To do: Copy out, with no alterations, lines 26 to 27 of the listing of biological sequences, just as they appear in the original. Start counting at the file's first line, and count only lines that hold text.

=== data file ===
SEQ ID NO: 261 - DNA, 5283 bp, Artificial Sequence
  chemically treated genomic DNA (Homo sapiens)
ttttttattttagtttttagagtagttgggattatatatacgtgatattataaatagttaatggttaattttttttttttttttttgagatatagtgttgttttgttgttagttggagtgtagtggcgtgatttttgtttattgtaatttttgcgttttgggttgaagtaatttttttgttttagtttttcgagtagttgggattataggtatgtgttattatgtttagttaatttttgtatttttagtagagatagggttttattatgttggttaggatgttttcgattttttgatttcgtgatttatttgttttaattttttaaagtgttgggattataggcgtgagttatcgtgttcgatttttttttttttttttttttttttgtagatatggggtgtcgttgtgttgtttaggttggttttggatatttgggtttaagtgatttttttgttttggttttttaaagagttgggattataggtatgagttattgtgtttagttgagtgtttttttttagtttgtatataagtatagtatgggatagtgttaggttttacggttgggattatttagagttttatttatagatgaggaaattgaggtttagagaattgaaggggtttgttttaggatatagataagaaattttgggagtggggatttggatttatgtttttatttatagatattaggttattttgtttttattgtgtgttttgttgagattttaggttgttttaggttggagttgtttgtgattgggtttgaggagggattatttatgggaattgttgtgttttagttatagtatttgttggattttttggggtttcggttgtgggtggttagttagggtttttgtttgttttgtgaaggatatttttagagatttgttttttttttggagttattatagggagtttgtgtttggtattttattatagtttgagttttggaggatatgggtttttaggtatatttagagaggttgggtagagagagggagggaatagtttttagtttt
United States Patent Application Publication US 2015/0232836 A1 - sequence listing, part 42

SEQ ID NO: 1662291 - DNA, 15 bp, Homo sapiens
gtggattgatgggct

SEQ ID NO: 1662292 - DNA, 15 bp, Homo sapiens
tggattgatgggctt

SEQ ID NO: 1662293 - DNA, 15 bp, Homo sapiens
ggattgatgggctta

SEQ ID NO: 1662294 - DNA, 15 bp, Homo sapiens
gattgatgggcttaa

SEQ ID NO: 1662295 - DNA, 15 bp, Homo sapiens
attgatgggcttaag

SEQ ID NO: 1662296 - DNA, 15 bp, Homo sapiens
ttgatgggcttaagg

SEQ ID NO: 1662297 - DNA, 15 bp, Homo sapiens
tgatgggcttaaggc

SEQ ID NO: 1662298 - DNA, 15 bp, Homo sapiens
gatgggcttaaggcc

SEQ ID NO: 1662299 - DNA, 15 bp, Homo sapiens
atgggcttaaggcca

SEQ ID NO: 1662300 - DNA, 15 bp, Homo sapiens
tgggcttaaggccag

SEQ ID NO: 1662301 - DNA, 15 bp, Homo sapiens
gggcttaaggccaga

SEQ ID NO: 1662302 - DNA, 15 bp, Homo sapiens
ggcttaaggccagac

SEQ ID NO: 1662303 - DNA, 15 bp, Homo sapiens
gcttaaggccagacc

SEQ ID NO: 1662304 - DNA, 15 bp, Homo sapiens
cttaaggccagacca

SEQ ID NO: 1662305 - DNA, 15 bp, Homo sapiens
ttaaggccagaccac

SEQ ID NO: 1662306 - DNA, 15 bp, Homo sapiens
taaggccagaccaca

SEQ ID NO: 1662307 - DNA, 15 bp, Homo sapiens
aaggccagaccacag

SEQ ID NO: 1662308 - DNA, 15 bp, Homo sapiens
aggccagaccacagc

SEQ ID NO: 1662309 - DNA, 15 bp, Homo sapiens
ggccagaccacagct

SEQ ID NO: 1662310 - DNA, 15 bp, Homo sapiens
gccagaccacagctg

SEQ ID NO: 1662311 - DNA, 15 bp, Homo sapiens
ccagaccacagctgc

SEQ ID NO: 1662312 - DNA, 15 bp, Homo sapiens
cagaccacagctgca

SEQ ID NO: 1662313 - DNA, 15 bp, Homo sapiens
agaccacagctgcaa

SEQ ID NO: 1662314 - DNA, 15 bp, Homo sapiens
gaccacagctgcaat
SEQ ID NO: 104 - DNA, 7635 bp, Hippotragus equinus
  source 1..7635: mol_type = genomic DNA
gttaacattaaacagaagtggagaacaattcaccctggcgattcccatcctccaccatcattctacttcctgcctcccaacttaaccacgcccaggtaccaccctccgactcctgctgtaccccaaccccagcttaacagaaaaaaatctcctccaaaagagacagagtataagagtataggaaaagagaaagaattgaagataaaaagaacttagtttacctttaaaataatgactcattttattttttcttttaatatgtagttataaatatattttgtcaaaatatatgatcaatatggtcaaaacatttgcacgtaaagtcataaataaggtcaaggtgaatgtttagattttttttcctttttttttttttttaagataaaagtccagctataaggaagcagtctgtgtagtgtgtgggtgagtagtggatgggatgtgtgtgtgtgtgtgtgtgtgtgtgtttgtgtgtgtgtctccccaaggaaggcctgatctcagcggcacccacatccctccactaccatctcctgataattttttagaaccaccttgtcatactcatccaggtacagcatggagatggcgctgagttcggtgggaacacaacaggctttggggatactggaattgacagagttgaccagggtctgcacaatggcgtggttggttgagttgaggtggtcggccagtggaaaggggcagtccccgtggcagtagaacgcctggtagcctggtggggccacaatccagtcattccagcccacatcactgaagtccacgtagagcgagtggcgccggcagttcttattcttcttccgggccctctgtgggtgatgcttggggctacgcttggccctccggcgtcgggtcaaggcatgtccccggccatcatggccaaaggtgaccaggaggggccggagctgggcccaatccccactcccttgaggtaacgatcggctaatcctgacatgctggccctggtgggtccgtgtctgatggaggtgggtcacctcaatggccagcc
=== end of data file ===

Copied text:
gggcttaaggccaga

SEQ ID NO: 1662302 - DNA, 15 bp, Homo sapiens